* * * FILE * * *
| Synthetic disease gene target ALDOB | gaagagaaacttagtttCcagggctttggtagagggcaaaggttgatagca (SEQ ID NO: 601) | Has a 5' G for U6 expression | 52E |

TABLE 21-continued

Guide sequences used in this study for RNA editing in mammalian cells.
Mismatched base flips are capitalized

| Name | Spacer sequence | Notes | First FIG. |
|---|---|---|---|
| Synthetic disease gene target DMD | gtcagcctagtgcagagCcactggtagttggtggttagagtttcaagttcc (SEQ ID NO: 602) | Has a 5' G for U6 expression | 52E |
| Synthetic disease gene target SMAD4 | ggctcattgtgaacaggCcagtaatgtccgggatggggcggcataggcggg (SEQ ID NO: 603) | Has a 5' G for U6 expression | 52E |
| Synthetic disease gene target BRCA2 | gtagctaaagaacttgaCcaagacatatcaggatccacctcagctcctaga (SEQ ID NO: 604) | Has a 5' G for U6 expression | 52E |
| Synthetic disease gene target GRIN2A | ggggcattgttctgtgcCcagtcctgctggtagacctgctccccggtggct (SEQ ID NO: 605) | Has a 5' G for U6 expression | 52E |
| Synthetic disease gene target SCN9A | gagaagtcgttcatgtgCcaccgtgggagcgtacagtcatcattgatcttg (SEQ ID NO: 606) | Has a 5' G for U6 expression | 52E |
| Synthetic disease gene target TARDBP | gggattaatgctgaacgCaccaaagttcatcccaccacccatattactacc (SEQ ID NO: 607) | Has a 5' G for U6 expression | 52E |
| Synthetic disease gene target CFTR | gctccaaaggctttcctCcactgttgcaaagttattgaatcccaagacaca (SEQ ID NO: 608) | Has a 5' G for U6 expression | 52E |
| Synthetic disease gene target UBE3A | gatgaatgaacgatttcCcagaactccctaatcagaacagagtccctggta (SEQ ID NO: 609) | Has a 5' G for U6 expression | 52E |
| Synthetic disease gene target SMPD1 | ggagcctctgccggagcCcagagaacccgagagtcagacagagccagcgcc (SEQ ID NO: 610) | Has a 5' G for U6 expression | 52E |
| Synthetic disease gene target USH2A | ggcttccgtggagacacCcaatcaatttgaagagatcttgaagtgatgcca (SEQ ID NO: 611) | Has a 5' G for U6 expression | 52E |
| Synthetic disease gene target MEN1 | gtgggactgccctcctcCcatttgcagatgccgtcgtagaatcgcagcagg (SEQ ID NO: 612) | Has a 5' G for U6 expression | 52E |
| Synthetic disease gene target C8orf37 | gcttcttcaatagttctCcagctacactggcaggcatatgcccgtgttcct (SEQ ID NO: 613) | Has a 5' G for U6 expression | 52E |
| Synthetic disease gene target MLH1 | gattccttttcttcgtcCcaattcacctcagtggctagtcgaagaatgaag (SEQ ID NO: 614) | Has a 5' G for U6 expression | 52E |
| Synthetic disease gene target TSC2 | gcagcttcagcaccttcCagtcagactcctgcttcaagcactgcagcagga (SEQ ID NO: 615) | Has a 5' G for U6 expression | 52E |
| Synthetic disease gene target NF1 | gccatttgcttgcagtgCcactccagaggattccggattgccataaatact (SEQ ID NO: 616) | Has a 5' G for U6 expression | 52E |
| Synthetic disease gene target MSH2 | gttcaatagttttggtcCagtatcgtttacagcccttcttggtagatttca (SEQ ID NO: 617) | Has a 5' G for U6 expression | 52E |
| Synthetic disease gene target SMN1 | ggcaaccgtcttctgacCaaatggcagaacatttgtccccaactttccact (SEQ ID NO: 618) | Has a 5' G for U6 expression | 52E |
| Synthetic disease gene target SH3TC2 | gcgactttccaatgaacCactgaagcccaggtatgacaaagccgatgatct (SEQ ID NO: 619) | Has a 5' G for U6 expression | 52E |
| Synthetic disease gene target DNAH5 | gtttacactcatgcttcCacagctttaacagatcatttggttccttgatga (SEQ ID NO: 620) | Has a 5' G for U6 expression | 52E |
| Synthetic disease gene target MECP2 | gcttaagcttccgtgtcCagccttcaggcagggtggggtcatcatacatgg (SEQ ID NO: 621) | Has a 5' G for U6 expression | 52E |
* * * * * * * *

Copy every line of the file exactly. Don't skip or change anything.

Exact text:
| Synthetic disease gene target ALDOB | gaagagaaacttagtttCcagggctttggtagagggcaaaggttgatagca (SEQ ID NO: 601) | Has a 5' G for U6 expression | 52E |

TABLE 21-continued

Guide sequences used in this study for RNA editing in mammalian cells.
Mismatched base flips are capitalized

| Name | Spacer sequence | Notes | First FIG. |
|---|---|---|---|
| Synthetic disease gene target DMD | gtcagcctagtgcagagCcactggtagttggtggttagagtttcaagttcc (SEQ ID NO: 602) | Has a 5' G for U6 expression | 52E |
| Synthetic disease gene target SMAD4 | ggctcattgtgaacaggCcagtaatgtccgggatggggcggcataggcggg (SEQ ID NO: 603) | Has a 5' G for U6 expression | 52E |
| Synthetic disease gene target BRCA2 | gtagctaaagaacttgaCcaagacatatcaggatccacctcagctcctaga (SEQ ID NO: 604) | Has a 5' G for U6 expression | 52E |
| Synthetic disease gene target GRIN2A | ggggcattgttctgtgcCcagtcctgctggtagacctgctccccggtggct (SEQ ID NO: 605) | Has a 5' G for U6 expression | 52E |
| Synthetic disease gene target SCN9A | gagaagtcgttcatgtgCcaccgtgggagcgtacagtcatcattgatcttg (SEQ ID NO: 606) | Has a 5' G for U6 expression | 52E |
| Synthetic disease gene target TARDBP | gggattaatgctgaacgCaccaaagttcatcccaccacccatattactacc (SEQ ID NO: 607) | Has a 5' G for U6 expression | 52E |
| Synthetic disease gene target CFTR | gctccaaaggctttcctCcactgttgcaaagttattgaatcccaagacaca (SEQ ID NO: 608) | Has a 5' G for U6 expression | 52E |
| Synthetic disease gene target UBE3A | gatgaatgaacgatttcCcagaactccctaatcagaacagagtccctggta (SEQ ID NO: 609) | Has a 5' G for U6 expression | 52E |
| Synthetic disease gene target SMPD1 | ggagcctctgccggagcCcagagaacccgagagtcagacagagccagcgcc (SEQ ID NO: 610) | Has a 5' G for U6 expression | 52E |
| Synthetic disease gene target USH2A | ggcttccgtggagacacCcaatcaatttgaagagatcttgaagtgatgcca (SEQ ID NO: 611) | Has a 5' G for U6 expression | 52E |
| Synthetic disease gene target MEN1 | gtgggactgccctcctcCcatttgcagatgccgtcgtagaatcgcagcagg (SEQ ID NO: 612) | Has a 5' G for U6 expression | 52E |
| Synthetic disease gene target C8orf37 | gcttcttcaatagttctCcagctacactggcaggcatatgcccgtgttcct (SEQ ID NO: 613) | Has a 5' G for U6 expression | 52E |
| Synthetic disease gene target MLH1 | gattccttttcttcgtcCcaattcacctcagtggctagtcgaagaatgaag (SEQ ID NO: 614) | Has a 5' G for U6 expression | 52E |
| Synthetic disease gene target TSC2 | gcagcttcagcaccttcCagtcagactcctgcttcaagcactgcagcagga (SEQ ID NO: 615) | Has a 5' G for U6 expression | 52E |
| Synthetic disease gene target NF1 | gccatttgcttgcagtgCcactccagaggattccggattgccataaatact (SEQ ID NO: 616) | Has a 5' G for U6 expression | 52E |
| Synthetic disease gene target MSH2 | gttcaatagttttggtcCagtatcgtttacagcccttcttggtagatttca (SEQ ID NO: 617) | Has a 5' G for U6 expression | 52E |
| Synthetic disease gene target SMN1 | ggcaaccgtcttctgacCaaatggcagaacatttgtccccaactttccact (SEQ ID NO: 618) | Has a 5' G for U6 expression | 52E |
| Synthetic disease gene target SH3TC2 | gcgactttccaatgaacCactgaagcccaggtatgacaaagccgatgatct (SEQ ID NO: 619) | Has a 5' G for U6 expression | 52E |
| Synthetic disease gene target DNAH5 | gtttacactcatgcttcCacagctttaacagatcatttggttccttgatga (SEQ ID NO: 620) | Has a 5' G for U6 expression | 52E |
| Synthetic disease gene target MECP2 | gcttaagcttccgtgtcCagccttcaggcagggtggggtcatcatacatgg (SEQ ID NO: 621) | Has a 5' G for U6 expression | 52E |